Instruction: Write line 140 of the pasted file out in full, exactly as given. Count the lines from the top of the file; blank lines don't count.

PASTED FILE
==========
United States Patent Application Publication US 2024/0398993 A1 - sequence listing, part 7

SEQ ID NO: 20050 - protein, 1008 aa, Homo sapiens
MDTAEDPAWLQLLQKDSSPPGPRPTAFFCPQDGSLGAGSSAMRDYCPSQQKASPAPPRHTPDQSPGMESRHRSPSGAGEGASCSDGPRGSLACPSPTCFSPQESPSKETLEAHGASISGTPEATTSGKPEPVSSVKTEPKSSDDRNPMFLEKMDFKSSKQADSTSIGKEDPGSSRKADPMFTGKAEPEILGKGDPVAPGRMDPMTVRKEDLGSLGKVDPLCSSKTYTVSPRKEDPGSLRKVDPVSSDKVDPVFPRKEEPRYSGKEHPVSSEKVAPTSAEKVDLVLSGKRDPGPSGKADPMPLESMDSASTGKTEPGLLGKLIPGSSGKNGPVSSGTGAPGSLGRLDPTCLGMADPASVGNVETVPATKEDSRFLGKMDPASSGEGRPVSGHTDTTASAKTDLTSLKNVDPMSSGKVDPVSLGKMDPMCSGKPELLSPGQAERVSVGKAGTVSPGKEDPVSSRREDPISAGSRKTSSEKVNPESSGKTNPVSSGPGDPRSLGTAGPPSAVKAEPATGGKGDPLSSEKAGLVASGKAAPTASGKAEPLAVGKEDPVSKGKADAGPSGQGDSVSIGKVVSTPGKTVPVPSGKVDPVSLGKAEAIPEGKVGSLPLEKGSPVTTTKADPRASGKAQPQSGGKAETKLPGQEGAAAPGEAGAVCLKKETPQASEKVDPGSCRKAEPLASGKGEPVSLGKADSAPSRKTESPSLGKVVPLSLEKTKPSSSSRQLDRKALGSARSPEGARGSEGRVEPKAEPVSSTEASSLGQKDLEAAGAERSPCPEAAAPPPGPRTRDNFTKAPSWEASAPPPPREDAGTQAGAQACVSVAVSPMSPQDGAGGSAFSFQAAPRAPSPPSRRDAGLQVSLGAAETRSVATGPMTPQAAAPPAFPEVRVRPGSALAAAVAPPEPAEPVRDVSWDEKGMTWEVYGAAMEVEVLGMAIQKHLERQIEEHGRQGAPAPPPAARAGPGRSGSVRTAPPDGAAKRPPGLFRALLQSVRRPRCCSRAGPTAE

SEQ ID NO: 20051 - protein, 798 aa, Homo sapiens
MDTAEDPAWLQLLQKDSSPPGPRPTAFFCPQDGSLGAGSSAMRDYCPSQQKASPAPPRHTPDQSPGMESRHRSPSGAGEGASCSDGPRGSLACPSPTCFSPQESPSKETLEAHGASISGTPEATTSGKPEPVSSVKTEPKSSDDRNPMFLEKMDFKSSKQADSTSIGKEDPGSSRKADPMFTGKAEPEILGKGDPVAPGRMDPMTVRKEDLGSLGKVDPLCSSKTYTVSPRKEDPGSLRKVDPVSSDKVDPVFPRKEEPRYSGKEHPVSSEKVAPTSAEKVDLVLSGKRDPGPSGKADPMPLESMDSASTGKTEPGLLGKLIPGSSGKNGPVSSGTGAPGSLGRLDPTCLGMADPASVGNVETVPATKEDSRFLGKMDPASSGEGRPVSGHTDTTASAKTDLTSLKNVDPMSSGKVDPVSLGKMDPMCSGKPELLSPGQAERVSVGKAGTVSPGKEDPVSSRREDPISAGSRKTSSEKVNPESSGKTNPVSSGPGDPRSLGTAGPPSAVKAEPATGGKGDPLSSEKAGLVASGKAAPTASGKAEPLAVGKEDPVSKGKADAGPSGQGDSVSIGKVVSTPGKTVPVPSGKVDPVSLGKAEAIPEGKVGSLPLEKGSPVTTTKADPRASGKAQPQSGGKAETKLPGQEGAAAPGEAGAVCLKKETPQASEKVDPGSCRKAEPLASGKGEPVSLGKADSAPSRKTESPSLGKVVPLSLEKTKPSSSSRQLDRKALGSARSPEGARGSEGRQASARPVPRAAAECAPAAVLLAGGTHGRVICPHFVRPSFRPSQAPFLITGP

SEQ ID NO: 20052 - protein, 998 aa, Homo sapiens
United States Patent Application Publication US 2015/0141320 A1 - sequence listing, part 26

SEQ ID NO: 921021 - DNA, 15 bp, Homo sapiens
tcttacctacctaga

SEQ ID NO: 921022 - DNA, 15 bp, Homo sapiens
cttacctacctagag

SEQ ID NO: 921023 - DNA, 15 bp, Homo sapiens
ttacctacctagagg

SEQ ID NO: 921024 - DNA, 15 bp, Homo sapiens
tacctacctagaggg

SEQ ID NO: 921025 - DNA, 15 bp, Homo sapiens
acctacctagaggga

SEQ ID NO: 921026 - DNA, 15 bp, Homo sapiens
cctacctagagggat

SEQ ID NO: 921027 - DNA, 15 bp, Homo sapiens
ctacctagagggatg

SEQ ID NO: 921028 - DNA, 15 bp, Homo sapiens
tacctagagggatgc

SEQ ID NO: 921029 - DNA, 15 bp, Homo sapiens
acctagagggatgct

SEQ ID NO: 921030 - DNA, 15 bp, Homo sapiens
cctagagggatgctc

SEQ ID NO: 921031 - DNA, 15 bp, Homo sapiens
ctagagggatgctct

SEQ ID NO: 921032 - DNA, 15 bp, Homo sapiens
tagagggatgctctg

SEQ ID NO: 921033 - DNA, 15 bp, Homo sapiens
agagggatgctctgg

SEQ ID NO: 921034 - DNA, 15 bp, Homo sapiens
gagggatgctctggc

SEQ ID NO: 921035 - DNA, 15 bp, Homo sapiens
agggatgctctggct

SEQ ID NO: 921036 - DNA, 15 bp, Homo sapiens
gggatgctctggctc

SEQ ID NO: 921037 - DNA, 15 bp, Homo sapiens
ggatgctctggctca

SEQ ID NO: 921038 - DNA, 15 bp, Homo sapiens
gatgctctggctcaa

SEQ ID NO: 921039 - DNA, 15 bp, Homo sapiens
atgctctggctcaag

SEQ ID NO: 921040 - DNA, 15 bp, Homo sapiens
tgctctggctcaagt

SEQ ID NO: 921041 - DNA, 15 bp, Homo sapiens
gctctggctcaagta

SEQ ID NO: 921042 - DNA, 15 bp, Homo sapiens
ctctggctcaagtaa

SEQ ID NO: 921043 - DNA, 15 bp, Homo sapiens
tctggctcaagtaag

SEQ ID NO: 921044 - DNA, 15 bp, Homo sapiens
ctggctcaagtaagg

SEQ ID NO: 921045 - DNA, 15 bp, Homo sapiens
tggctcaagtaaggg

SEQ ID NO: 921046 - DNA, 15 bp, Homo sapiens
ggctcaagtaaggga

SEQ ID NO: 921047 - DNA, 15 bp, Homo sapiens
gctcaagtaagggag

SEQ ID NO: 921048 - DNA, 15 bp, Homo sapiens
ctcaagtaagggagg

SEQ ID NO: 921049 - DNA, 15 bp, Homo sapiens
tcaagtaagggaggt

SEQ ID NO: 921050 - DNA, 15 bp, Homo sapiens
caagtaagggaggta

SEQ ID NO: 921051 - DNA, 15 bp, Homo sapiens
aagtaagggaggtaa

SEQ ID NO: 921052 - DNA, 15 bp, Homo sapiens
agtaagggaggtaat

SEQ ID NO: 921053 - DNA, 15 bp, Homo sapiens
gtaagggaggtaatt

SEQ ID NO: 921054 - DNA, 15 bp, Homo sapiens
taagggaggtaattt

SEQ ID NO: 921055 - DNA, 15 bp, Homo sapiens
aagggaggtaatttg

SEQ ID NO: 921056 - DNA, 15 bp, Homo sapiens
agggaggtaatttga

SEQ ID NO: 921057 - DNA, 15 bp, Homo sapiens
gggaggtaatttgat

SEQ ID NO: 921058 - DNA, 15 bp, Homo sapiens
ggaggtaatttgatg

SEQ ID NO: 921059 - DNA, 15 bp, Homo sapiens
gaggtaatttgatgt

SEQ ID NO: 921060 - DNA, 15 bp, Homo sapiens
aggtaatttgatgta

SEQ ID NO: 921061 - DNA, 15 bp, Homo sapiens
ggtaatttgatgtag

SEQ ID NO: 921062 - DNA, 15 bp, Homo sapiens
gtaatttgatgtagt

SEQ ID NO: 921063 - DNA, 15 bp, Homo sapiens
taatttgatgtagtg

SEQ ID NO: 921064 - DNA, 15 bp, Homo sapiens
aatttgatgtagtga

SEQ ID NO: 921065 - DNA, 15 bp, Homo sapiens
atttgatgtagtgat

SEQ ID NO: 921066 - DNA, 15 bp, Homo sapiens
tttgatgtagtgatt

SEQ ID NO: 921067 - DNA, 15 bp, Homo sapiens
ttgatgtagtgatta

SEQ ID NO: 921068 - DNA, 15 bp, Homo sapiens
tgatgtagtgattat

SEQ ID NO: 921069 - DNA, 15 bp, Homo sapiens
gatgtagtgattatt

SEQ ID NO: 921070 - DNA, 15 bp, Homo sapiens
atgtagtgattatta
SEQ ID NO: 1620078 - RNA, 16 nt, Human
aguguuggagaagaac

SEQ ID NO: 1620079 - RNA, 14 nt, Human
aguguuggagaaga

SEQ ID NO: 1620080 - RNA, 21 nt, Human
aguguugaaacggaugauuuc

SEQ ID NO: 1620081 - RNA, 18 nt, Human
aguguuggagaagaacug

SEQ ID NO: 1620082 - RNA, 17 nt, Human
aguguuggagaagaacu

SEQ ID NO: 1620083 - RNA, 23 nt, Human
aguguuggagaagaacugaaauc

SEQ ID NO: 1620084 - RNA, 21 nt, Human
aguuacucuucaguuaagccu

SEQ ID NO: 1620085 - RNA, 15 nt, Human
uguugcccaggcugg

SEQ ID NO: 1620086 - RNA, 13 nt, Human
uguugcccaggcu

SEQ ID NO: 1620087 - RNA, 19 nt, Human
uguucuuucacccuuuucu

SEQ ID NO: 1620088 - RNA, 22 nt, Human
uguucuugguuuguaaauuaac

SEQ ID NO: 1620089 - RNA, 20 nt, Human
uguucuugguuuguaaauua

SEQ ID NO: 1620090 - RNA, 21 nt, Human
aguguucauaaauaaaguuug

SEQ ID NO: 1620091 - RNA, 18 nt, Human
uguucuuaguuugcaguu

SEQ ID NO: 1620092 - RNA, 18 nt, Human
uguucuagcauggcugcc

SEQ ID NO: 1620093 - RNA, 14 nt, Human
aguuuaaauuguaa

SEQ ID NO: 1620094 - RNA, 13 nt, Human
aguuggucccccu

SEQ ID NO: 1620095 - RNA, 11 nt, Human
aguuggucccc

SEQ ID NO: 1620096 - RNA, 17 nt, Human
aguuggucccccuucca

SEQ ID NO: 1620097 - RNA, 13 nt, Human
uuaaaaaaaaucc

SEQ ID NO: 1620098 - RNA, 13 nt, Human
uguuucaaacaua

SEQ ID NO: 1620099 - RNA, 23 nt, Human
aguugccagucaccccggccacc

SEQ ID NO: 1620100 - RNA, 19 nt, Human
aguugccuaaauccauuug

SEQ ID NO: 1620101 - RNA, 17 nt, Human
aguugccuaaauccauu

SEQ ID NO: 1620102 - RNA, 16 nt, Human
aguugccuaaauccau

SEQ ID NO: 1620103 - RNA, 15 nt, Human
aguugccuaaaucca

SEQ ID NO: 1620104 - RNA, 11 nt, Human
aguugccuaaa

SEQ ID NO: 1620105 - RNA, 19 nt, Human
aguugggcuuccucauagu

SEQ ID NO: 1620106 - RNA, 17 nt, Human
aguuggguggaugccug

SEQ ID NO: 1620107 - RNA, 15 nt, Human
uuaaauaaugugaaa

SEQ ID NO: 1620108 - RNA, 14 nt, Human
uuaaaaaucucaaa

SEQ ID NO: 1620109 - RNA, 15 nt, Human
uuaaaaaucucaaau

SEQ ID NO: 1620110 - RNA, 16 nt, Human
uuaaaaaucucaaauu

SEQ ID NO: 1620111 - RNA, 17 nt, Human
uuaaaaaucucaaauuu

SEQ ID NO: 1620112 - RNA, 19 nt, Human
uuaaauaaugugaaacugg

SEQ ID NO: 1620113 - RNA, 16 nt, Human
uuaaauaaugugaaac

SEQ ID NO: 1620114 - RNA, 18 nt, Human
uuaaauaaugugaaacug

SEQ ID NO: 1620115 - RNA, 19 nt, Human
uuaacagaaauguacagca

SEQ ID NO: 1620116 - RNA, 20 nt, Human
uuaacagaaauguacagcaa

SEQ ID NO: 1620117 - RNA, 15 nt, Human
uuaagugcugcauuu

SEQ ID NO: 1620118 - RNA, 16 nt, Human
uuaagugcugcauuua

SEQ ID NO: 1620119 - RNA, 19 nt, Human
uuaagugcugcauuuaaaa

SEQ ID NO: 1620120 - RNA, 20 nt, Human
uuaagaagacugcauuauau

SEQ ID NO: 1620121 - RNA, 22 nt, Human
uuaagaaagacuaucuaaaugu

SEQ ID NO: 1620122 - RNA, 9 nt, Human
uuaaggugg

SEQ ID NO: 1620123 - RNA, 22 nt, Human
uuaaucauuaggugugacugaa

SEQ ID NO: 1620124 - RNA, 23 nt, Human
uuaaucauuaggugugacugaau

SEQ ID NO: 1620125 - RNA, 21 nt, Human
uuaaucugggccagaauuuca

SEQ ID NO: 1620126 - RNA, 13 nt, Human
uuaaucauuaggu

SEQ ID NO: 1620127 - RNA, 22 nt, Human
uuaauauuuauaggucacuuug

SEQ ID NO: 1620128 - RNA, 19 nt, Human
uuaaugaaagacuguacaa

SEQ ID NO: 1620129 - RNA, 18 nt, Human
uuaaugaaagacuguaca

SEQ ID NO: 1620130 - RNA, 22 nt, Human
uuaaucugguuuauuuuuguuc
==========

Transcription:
SEQ ID NO: 1620094 - RNA, 13 nt, Human